Following a March 30 incident in which suspected murderer Braidy Chase Vermette escaped from two unarmed corrections workers escorting him, the Ministry of Justice’s response has been underwhelming and misleading, according to SGEU.
Corrections workers are frustrated and upset that government appears to be pointing a finger at them, saying staff could ask for a police escort when staff have never been made aware that this was an option.
Contrary to what Ministry spokesperson Drew Wilby has reported in the media, the Ministry policy does not state anywhere that corrections workers can request a police escort when accompanying inmates off correctional centre premises – nor have staff been told that they can make such a request. Corrections workers do contact local police forces to notify them when they are bringing an inmate into specific community on a humanitarian escort, such as to attend a funeral.
“The Ministry underestimated the potential danger these workers could face,” said SGEU President Bob Bymoen. “Any time workers have to accompany inmates out into the public, it has the potential to be dangerous. The ministry needs to keep this in mind when doing its policy review.”
Mr. Wilby reported that corrections workers carry batons “at all times,” which is untrue. The two corrections workers escorting Vermette were not carrying batons, as this has never been a standard practice at the Prince Albert Correctional Centre, nor is it a policy requirement. In some facilities in the province, corrections workers who escort inmates into the public, as part of their duties, have not received baton training.
“The Ministry should be correcting these false statements,” said Bonnie McRae, Chairperson of the Legal, Inspection and Regulatory Component, which represents provincial corrections workers in Saskatchewan. “This misinformation shines a negative light on corrections workers, who are put into dangerous situations without adequate protective equipment, or up to date training.”
During Vermette’s escape, he was assisted by two additional people – one of whom had a shotgun, and another who sprayed bear mace at the escorting correctional workers. On April 8, Wilby reported that the Ministry will not consider arming correctional workers with firearms.
“We are not asking that all corrections workers carry guns,” said McRae, “We want to sit down with the employer and discuss what better protection and safety protocols for corrections workers might look like. Sheriffs from the courthouse and corrections officers from Saskatchewan penitentiaries carry firearms when escorting inmates into the community. Why does the Ministry feel provincial corrections workers on escort duty cannot be trained and equipped to the same standard?”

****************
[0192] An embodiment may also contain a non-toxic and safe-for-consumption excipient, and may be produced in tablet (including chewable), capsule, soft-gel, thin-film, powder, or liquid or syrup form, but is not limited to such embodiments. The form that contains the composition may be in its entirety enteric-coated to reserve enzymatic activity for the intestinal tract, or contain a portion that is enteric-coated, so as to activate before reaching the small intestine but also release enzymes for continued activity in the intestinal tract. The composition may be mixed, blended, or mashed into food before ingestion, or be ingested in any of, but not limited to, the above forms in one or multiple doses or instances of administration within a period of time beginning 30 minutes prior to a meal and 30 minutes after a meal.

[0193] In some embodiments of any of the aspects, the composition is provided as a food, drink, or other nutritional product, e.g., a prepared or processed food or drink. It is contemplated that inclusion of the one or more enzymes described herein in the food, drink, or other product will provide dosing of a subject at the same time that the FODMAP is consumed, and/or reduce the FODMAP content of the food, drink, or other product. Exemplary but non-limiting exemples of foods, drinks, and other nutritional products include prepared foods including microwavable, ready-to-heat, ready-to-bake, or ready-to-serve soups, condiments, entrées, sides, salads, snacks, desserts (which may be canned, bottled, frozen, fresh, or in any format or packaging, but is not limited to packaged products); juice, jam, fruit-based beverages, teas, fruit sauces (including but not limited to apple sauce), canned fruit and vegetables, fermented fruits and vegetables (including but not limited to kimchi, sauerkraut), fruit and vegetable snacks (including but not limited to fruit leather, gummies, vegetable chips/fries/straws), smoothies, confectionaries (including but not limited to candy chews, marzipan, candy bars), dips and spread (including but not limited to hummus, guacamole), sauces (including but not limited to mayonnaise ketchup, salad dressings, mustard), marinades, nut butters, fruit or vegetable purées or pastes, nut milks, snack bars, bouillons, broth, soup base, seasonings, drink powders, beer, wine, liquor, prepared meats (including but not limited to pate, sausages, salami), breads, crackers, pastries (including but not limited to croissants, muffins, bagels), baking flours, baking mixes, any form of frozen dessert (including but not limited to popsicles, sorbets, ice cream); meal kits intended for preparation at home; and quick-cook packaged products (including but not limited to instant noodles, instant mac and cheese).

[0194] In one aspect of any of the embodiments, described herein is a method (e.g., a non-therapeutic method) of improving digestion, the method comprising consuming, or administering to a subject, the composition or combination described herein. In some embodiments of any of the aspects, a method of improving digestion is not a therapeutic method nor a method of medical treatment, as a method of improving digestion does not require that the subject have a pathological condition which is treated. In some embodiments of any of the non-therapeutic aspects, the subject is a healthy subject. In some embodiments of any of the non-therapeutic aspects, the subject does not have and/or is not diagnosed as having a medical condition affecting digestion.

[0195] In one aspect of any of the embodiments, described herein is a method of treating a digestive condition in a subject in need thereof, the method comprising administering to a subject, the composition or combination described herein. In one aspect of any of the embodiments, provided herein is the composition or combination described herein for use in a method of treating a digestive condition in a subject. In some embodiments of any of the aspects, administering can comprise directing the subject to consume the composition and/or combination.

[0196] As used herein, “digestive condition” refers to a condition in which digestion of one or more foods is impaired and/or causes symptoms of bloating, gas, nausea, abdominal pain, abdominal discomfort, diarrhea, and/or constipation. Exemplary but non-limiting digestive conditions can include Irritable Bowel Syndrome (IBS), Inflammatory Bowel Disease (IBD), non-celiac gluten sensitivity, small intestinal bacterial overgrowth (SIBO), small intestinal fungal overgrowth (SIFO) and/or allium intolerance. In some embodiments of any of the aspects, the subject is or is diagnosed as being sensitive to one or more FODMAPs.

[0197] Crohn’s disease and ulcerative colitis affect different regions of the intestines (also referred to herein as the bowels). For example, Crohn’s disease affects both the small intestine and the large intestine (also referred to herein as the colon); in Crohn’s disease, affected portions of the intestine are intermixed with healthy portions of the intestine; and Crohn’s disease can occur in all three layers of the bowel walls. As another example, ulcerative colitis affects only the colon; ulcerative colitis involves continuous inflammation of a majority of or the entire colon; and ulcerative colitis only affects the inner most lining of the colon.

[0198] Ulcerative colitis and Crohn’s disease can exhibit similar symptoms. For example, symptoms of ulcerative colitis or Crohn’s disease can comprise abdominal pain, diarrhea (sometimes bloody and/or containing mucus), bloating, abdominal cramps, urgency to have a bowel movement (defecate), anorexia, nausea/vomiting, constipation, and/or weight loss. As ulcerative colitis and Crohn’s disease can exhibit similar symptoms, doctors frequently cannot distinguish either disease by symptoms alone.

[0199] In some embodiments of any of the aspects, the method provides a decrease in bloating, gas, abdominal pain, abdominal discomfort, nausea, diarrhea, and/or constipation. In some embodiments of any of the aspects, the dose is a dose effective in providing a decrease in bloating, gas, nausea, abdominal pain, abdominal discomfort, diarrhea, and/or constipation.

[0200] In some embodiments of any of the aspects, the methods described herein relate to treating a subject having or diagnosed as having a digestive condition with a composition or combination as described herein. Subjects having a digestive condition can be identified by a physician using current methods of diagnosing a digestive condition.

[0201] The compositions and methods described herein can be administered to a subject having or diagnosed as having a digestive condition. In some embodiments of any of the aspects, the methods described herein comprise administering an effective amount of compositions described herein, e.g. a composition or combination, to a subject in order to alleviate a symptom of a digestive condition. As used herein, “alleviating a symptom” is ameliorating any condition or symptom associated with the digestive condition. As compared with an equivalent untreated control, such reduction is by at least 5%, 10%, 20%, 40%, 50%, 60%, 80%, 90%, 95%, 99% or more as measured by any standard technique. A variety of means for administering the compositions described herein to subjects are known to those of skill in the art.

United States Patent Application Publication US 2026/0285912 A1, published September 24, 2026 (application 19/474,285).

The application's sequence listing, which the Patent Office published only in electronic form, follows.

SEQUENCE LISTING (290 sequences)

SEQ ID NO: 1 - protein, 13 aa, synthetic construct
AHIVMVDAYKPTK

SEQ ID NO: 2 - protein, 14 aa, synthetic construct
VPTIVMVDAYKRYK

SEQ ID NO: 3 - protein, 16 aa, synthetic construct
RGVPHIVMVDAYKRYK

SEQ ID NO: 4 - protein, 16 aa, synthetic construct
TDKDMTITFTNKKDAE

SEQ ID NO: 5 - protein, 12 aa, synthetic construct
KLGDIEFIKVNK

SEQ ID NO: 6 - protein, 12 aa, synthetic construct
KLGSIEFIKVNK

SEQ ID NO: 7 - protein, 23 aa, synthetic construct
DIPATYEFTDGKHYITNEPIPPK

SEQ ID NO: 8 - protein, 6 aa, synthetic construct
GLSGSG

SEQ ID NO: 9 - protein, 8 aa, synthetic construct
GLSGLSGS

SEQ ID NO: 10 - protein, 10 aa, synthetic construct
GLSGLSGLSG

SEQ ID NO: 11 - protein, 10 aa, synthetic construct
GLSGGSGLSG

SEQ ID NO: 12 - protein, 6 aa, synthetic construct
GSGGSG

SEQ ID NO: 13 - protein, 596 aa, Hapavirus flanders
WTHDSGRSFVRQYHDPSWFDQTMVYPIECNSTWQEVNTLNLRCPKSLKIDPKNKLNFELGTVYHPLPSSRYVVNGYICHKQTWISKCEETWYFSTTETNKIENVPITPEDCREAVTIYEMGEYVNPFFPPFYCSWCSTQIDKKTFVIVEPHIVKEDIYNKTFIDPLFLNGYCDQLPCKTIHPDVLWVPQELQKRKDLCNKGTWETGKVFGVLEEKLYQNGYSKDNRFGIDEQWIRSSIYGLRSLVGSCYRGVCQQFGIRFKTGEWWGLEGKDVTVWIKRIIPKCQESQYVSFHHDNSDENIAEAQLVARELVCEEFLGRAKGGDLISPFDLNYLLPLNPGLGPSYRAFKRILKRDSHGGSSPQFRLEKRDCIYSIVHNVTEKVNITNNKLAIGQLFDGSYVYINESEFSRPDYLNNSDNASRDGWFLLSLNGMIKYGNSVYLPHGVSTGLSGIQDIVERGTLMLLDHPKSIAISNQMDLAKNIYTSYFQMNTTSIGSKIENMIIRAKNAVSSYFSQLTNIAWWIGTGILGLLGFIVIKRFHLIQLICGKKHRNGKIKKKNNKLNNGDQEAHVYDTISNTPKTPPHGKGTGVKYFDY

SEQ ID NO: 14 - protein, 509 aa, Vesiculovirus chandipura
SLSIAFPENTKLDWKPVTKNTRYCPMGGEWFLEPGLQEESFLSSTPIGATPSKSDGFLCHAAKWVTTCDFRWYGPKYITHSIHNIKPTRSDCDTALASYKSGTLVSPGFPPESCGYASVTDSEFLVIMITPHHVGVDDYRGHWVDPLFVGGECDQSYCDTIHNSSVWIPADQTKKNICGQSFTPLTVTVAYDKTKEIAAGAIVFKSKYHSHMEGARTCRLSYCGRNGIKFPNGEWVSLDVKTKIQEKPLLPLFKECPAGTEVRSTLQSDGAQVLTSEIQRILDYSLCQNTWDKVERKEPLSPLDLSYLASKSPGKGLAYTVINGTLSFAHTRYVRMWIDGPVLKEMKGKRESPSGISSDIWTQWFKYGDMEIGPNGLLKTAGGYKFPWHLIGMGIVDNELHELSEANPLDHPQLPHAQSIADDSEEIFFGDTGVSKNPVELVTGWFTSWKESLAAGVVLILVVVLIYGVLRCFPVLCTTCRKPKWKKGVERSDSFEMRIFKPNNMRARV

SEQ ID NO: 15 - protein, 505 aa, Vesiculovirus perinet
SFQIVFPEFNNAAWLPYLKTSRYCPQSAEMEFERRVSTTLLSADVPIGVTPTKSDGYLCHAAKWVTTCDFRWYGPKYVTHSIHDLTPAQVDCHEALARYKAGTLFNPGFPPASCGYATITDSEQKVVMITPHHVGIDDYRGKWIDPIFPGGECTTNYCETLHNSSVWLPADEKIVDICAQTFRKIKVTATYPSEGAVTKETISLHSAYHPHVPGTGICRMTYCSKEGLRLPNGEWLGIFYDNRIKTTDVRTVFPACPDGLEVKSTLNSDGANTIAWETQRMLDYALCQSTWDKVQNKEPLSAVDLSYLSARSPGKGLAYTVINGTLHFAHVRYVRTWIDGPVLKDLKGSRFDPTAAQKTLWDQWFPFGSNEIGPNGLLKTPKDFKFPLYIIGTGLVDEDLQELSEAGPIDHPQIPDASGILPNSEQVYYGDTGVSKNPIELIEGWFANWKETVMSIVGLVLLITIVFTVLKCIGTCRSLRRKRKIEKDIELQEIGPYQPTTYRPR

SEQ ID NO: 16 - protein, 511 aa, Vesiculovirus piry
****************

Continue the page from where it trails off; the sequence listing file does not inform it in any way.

Provincial correctional centres hold inmates charged with dangerous crimes on remand while they await trial or sentencing. If given sentences of two years or longer, these inmates are sent to federal penitentiaries, where the federal correctional officers who escort them are equipped with firearms. Provincial correctional workers are responsible for escorting these same inmates, but do so while unarmed.
“While we’re relieved that Vermette is back in custody, the bottom line here is that the Ministry needs to learn from this dangerous incident, and commit to a serious system-wide effort to improve safety standards,” says Bymoen.
The Ministry is conducting an internal investigation. SGEU is calling for a complete safety and security audit of all protocols and procedures, facilities, and staffing levels in the provincial correctional system, to prevent incidents like the March 30 escape.
The director of the Prince Albert Correctional Centre has been meeting with some staff over the incident.
“The Ministry has informed us that it is reviewing its policies,” said McRae. “It’s imperative that we are part of that review to ensure it meets the needs of the staff working at these institutions.
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